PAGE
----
So. Fast-forward to last month. Brian was having lunch with his stepdad one day and they were just shooting the shit, not talking about anything in particular. Out of nowhere, George asked Brian what he was getting me for Christmas and Brian said, "I don't know; I think she mentioned something about wanting a new watch." Then George said, "What about if I help you all try to have a baby. I've done some research and I know In Vitro Fertilization usually costs around $10,000 and I could probably help out with the cost if you want."
Keep in mind this is the same man who once didn't buy eggs for Brian's mom when she needed them for cookies she was making for a family get-together because they were too expensive in his opinion. He uses his pocket knife to unwrap gifts to preserve the paper for later use. He reimbursed me a dollar the other day because I bought plastic cups at Dollar General for an open house he was having. He is Very Careful about where and how his money goes. I make fun of his cheapness, which is kind of dumb considering he has a very lucrative real estate career going on and I have to sometimes use a calculator to see if we can afford two different kinds of cereal some weeks. And while he's always been generous to us, you can imagine how completely dumbfounded we were.
Brian came home that day and told me the news the night I'd made my first lasagne (which up until that point I thought was going to be the big news of our day - "Look, Baby! My first lasagne!") and actually told me the news as I was taking my first bite. Needless to say, I did not eat lasagne that night. And damn it, I'd been craving that shit for over a week. I spent the evening online for hours researching local fertility places and the next day I'd made our first appointment. Not that George would say something like that then go back on it, but you know - why take a chance?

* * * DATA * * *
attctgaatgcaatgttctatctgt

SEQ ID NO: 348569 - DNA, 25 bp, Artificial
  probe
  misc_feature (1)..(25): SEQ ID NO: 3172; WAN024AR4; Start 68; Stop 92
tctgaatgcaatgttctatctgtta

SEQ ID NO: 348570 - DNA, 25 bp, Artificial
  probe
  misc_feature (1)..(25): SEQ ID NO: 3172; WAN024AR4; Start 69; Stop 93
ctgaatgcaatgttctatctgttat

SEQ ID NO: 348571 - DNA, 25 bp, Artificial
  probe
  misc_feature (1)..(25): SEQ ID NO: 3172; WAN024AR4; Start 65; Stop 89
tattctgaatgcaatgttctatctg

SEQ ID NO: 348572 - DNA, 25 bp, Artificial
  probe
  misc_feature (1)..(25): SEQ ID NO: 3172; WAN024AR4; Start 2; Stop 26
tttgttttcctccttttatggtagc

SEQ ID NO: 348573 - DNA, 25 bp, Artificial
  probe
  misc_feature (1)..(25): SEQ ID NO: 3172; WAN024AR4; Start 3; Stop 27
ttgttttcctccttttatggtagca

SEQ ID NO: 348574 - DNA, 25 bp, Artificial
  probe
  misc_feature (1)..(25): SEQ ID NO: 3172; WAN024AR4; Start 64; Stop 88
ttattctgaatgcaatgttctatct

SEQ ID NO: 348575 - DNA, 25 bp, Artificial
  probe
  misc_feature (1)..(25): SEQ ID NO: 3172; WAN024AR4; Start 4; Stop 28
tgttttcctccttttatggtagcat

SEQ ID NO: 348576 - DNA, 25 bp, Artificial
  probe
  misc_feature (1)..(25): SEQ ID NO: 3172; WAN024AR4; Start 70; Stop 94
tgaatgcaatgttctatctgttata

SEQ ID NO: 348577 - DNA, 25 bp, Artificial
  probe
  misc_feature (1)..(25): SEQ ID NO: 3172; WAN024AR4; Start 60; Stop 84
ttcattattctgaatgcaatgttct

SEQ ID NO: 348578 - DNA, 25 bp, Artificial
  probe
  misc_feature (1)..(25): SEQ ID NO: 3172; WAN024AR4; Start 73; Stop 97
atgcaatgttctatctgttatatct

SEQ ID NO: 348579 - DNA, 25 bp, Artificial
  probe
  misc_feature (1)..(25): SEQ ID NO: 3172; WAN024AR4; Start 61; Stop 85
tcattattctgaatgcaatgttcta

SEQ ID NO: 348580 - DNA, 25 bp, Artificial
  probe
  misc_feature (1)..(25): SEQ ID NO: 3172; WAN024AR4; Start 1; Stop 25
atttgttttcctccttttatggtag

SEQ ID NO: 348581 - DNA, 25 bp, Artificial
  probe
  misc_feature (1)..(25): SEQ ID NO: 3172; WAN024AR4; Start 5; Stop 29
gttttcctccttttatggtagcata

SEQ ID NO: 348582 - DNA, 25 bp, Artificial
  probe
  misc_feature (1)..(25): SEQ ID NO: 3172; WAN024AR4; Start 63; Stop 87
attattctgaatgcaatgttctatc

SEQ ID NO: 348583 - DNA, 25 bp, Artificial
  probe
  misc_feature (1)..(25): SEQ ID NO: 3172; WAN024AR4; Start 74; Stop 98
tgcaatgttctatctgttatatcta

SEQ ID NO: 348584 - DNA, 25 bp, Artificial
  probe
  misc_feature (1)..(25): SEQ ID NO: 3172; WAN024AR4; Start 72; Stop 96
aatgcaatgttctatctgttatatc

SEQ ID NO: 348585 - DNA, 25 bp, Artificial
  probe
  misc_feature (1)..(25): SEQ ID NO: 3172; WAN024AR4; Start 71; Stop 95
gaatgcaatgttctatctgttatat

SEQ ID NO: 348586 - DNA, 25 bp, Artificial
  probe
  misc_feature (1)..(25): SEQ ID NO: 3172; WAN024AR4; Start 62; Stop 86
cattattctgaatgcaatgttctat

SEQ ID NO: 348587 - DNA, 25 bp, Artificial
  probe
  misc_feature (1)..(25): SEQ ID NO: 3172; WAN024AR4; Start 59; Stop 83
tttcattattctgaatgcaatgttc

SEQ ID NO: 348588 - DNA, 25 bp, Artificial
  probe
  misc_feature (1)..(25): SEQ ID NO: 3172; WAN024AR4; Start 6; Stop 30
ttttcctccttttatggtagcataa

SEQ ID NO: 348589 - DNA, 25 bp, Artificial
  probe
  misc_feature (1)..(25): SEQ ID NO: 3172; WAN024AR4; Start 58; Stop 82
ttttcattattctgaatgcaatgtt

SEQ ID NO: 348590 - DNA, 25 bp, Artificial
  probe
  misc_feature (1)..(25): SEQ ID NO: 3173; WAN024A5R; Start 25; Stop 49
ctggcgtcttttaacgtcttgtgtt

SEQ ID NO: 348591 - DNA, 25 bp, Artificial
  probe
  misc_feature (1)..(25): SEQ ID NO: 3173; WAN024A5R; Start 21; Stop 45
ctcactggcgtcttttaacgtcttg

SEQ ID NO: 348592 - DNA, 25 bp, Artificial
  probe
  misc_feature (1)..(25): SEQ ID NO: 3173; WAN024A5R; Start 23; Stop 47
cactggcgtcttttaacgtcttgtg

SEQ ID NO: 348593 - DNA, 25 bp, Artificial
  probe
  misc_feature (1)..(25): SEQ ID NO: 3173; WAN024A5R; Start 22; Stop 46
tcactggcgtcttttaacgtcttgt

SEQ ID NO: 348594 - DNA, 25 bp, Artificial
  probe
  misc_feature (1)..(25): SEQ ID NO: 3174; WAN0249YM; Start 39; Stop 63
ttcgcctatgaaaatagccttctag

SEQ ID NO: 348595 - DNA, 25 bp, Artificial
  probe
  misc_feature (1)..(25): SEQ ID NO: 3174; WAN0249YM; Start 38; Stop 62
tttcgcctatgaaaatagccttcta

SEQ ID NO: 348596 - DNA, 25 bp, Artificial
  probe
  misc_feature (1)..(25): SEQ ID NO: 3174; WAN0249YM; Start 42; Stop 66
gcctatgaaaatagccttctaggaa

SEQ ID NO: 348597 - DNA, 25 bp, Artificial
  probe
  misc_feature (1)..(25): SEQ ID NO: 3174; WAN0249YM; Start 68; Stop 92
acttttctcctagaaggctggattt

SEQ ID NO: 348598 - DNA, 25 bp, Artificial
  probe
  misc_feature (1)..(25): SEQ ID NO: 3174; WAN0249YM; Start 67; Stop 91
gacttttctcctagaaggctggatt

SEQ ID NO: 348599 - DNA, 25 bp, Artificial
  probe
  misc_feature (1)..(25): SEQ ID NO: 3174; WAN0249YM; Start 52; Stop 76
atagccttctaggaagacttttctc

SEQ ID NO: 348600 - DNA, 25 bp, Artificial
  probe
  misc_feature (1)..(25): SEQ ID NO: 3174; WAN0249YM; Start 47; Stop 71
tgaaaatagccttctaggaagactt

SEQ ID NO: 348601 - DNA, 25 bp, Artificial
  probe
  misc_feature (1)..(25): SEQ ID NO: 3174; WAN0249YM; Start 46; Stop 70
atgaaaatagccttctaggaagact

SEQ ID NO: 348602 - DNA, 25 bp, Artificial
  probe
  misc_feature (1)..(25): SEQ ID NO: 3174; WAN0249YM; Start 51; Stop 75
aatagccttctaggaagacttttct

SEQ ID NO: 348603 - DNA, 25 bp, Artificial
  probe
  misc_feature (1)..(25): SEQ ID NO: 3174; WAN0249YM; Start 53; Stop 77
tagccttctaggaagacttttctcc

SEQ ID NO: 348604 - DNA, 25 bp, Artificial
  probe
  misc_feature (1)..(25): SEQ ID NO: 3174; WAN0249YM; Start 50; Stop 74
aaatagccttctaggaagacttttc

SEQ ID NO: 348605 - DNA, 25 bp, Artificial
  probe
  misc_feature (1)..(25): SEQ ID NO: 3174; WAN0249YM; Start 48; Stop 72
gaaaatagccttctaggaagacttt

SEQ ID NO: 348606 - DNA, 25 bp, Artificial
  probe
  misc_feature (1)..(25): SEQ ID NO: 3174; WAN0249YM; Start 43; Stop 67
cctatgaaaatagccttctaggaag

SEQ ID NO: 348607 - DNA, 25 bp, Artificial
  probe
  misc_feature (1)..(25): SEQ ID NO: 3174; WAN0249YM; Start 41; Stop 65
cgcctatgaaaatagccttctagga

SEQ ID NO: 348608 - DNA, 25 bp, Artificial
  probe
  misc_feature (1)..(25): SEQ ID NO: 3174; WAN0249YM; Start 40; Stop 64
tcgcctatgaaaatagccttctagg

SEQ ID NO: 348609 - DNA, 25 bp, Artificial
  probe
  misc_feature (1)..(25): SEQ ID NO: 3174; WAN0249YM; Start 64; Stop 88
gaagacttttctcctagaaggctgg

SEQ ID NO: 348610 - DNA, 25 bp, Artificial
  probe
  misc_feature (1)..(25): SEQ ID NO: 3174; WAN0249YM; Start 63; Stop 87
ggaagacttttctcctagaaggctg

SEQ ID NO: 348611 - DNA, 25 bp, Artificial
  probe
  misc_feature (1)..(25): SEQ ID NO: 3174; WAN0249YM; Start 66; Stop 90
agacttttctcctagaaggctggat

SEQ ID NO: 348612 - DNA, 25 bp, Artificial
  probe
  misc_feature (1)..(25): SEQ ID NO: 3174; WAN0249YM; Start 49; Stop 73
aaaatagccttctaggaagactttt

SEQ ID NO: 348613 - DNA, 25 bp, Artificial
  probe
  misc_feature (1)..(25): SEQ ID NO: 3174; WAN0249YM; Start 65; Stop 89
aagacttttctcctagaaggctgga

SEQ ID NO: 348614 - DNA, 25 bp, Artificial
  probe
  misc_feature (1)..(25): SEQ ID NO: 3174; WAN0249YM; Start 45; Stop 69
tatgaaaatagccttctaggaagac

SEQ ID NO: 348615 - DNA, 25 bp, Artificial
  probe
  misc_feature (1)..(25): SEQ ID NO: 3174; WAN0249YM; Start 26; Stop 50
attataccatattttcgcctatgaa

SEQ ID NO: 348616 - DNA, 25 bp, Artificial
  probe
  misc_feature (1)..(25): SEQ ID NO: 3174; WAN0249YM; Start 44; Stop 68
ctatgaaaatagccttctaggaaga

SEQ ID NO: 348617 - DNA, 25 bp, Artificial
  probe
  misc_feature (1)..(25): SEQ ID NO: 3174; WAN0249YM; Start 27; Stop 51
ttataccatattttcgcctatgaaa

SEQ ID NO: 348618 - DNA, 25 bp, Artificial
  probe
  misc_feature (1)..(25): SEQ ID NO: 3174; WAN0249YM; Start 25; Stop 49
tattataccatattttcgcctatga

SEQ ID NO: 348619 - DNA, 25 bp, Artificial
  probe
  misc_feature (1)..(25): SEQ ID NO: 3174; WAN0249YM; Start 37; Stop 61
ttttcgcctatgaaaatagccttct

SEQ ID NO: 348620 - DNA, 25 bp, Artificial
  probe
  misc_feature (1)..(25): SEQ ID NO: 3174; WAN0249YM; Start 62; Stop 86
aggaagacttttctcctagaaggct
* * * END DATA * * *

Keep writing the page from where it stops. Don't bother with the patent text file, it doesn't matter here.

It's now been a little over a month of doctor's visits, bloodwork, consuming an ever-growing handful of pills and vitamins every day and living with the knowledge that after all this time, we finally (yet oh-so-very cautiously) have hope again. Based on how everything works (and you can believe me when I say I now know more about the reproductive process than I ever thought possible), it looks like the first attempt at insemination will happen sometime around the end of next month.
Well! I feel so much better now; how about you? No more evasive discussions about my thyroid issues or why I'm quitting smoking (down to six cigs a day and I don't want to hear from any Judgy Judgersons about why it's not zero yet - quitting smoking is HARD, dude) or why I'm talking so much about my health. This is obviously a highly personal topic, but you know what? So is marriage and family issues and a lot of other things I write about here. Like I said, I've found almost nothing but positive feedback from keeping this blog and right now I need all the good thoughts, positive energy, and prayers I can get. The most common theme you read about with infertility is staying calm and staying positive and while those two things have always been a significant challenge for me, it now needs to be a way of life.
So, I guess...wish me luck?